Nutrition & Healthy Eating
Want to learn more about healthy after school snacks?
Michigan 4-H programs encourage young people to think about the foods they eat. This includes taking positive steps to increase their intake of foods that will keep them healthy and where possible, helping them avoid foods that lead to unhealthy risk.
Teaching proper nutrition and healthy eating habits takes place in many different activities and forms throughout Michigan 4-H programming. By training teen and volunteer leaders, in ways such as giving them tools, recipes and activities, these individuals can work with youth to provide fun, positive, educational programs that encourage increased focus on healthy choices.
Jump Into Food and Fitness Curriculum
In the Jump Into Foods and Fitness (JIFF) curriculum, Jiff the Joey Kangaroo will teach youth ages 8 to 11 years old what he has learned about growing up strong and healthy by eating a balanced diet from the five food groups and getting plenty of physical activity. Jiff wants to be your guide through JIFF, to teach you about:
- Pyramids for Health
You’ll learn about how you can use the MyActivity Pyramid and the MyPyramid for Kids to discover the best foods and fitness activities for you.
- Go the Distance With Grains
Learn about the foods of the grain group by doing activities like the “Great Grain Obstacle Course” and make your own jump rope so you can hop, skip and jump your way to fitness.
- High Five for Health
Did you know that there are five kinds of fruits and vegetables? These super foods provide you with vitamin A, vitamin C and fiber – things that keep you healthy and strong. Learn more about these important parts of your daily diet and about ways to build your fitness through activities like the “Fitness Scavenger Hunt.”
- Moooving and Motion
In “Muscle Mania,” explore the 12 muscle groups that are important to keep you moving and active. You’ll also learn about the foods that provide the vitamins and proteins that help build and repair these muscles.
- Power Up the Day:
Learn how eating a nutritious breakfast gives you the energy you need to start your day right. Explore how morning fitness activities can give you even more power for your day!
- On the Go
When you’re on the go, snacks can provide the energy you need. You’ll learn about how you can create healthy snacks using the five food groups, and you discover “activity snacks” you can use to improve your fitness.
- Choices for Good Health
Learn to read the labels on foods so you can make your best nutrition choices. You’ll also design a game using your own fun movement activities.
- Celebrating JIFF
It’s a nutrition and fitness party! Celebrate what you’ve learned in JIFF by creating your own goals for future fitness and eating choices.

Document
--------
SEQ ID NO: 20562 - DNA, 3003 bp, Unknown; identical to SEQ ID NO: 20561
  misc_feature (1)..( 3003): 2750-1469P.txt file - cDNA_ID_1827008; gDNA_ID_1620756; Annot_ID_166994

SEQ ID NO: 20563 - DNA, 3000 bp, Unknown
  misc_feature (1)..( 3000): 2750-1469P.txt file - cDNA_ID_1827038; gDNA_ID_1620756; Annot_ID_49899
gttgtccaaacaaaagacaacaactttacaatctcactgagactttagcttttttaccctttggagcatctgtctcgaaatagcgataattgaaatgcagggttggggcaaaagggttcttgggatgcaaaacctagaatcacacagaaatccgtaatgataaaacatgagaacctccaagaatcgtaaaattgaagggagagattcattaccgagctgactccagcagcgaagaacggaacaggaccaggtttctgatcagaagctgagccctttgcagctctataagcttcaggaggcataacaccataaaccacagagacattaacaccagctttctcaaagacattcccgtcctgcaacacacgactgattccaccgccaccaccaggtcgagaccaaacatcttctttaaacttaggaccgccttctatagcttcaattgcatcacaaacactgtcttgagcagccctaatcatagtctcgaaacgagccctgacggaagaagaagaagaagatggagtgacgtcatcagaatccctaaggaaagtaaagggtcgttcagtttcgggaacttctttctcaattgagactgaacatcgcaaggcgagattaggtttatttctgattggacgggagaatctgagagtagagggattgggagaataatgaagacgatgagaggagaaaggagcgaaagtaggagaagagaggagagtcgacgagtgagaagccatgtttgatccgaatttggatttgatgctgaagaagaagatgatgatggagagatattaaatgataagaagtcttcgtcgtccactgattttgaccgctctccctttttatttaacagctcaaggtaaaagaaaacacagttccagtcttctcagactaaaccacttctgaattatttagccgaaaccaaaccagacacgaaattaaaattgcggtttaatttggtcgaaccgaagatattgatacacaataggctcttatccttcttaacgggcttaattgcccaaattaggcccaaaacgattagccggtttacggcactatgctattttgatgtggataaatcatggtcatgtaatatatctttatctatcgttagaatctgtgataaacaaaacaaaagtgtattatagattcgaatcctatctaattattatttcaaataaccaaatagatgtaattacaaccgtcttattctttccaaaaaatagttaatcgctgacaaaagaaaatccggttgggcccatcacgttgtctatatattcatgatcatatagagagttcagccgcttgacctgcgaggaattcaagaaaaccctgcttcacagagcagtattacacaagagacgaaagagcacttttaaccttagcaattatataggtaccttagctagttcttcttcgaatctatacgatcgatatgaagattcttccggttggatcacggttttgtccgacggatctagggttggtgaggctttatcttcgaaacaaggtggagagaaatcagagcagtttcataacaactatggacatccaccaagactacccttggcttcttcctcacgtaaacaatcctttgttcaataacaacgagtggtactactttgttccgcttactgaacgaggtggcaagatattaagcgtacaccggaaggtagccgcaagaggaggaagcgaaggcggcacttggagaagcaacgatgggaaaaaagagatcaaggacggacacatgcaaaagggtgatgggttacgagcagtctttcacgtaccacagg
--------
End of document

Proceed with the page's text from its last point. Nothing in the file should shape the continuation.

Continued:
Through your time with JIFF, you’ll also learn about food safety, including the importance of washing your hands to “slam dunk germs” and the safest ways to store the foods you eat.
Want to Get Involved With JIFF?
JIFF the Joey invites you to participate in a JIFF session in your area! Contact your county Michigan State University Extension office to see which foods and fitness programs they have available.
JIFF Helps You Take Action!
After you have learned more about healthy and active living, you can put your ideas into action! Decide on one or two nutrition or physical activity goals to start this week and write them on a large sheet of paper. Decide with your family where you can put them so you will see them every day! JIFF the Joey Kangaroo sometimes keeps goal sheets on the refrigerator, bathroom mirror or at eye level on a door.
Now develop your JIFF Plan of Action to make your goals happen for you! Your actions may be dancing during TV commercials, trying new food choices, starting to jump rope or skate, or joining a sports team! Use the JIFF Eating and Physical Activity Goal Sheet to “jump start” into action!
Jiff the Joey wants you to remember:
Build strong bodies and brainpower with . . .
Snacking choices such as fresh and dried fruit; crunchy veggies; whole grain crackers, tortillas or pita; cheese chunks or yogurt; granola, nuts or cereal
Physical activity choices such as playing active games with friends; jumping rope or hula hooping; playing basketball or baseball; biking, skating or skateboarding; dancing or playing hopscotch.
For more information on how to get involved as a youth or volunteer, contact your county MSU Extension office or:
B’Onko Sadler, Associate Program Leader